The Summer 2023 issue of Gravy explores the history and diversity of Florida through surprising, joyful, and reflective stories that are attentive to the state’s political moment. Read More
The Summer 2023 issue of Gravy explores the history and diversity of Florida through surprising, joyful, and reflective stories that are attentive to the state’s political moment. In a year when the Southern Foodways Alliance considers the theme, Where is the South?, Gravy stakes a claim for Florida—from inland to coast, conch to mullet, restaurants to juke joints and into home kitchens—as an indisputable part of the region. Rosalind Bentley, Gravy’s deputy editor who is a Tallahassee native and graduate of Florida A&M, brings both her deep Florida knowledge and personal investment in the state to bear as the issue’s guest editor.
Deesha Philyaw remembers family crab boils from her childhood in Jacksonville. Geographer Catarina Passidomo shows that teaching history means teaching uncomfortable truths, even when studying tomatoes. Nadege Green details Bahamaian contributions to the city of Miami through conch fritters and conch salad. Jennifer Greer visits the small Gulf town of Mexico Beach, where restaurants wrestle with decisions about whether and how to rebuild after Hurricane Michael, acknowledging that these questions will only become more frequent with climate change.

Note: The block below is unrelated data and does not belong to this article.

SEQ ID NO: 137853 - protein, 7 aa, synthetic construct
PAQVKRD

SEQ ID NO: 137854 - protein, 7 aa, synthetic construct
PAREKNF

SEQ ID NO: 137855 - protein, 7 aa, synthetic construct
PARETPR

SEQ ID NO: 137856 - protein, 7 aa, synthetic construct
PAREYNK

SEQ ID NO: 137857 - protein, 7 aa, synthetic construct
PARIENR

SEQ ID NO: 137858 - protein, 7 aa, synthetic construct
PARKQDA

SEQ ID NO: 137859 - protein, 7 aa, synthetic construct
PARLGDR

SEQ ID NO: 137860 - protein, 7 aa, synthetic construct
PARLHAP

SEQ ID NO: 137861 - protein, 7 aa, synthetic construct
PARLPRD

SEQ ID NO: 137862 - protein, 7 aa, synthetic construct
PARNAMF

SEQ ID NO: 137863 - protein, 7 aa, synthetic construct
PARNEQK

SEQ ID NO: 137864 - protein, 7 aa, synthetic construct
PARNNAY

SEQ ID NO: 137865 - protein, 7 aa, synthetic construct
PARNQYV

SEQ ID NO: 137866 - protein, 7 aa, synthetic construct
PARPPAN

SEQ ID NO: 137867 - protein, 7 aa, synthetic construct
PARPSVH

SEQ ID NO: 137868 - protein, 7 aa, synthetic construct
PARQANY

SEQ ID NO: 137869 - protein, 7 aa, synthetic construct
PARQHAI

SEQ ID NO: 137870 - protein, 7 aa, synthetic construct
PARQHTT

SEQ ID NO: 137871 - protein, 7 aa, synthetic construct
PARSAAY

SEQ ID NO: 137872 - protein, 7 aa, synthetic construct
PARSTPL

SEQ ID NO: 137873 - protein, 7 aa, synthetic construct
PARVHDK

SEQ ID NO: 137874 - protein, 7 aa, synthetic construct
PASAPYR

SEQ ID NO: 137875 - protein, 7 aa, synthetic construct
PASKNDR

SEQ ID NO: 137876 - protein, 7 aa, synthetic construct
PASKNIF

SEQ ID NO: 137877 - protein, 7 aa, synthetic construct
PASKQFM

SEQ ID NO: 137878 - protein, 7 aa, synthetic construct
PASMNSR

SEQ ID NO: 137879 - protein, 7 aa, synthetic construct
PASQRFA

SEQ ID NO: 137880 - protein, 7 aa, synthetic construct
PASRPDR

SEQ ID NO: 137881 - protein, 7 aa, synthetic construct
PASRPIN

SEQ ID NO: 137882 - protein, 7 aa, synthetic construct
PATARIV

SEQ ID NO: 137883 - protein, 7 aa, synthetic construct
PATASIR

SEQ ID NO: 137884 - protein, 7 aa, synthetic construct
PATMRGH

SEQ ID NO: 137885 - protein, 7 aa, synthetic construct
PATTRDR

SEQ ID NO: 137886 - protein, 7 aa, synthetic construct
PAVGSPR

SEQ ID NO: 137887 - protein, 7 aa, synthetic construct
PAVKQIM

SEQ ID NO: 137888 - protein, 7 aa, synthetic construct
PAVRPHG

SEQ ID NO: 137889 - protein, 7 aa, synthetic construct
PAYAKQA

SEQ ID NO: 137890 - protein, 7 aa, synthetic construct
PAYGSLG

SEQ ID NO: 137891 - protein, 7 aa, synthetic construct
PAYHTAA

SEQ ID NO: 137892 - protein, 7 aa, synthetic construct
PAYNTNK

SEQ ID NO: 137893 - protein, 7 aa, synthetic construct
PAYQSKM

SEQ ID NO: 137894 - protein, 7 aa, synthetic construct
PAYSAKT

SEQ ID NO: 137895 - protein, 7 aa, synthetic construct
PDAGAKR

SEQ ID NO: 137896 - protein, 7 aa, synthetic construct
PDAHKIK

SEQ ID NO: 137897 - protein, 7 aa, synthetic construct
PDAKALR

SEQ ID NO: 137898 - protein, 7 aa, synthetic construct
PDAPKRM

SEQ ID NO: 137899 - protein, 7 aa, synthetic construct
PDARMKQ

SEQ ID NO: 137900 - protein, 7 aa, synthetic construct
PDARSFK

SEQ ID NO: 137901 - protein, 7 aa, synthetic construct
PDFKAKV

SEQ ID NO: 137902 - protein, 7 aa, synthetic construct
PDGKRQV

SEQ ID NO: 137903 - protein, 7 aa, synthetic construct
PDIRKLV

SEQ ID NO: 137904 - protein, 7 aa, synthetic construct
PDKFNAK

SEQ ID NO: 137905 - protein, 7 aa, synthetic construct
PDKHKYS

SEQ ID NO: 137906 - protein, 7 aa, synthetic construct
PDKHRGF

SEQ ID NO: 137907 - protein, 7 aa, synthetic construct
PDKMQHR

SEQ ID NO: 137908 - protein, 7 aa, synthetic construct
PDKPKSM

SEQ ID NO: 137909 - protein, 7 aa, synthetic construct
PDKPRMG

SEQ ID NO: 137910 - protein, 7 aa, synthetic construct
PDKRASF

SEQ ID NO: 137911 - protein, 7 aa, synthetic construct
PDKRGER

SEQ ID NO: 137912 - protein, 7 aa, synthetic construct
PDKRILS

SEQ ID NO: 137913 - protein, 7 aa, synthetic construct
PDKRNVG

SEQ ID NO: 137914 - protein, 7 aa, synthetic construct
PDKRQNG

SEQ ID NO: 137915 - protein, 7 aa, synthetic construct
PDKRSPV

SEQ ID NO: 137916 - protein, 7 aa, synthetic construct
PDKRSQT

Writer Ravi Howard and photographer Colin Hackley take readers into the closing night of a longstanding blues club in a rural area outside of Tallahassee, marking the end of an era. Craig Pittman charts the uncertain future of the citrus industry. Thao Thai tells of growing up with her family in Florida, and her love for an unusual fish species called the spotted sea trout. Scholar Michelle Zacks serves readers mullet, fried and smoked. Dalia Colon interviews a longtime Black cattle rancher in South Florida about how he came to own his land. Leslie Sainz and Emma Trelles, both Cuban American poets born in Miami, share verse. These Gravy pages dive into the many dimensions of Florida—the groups and voices that have a say in what Florida has been, what it is, and what it will be.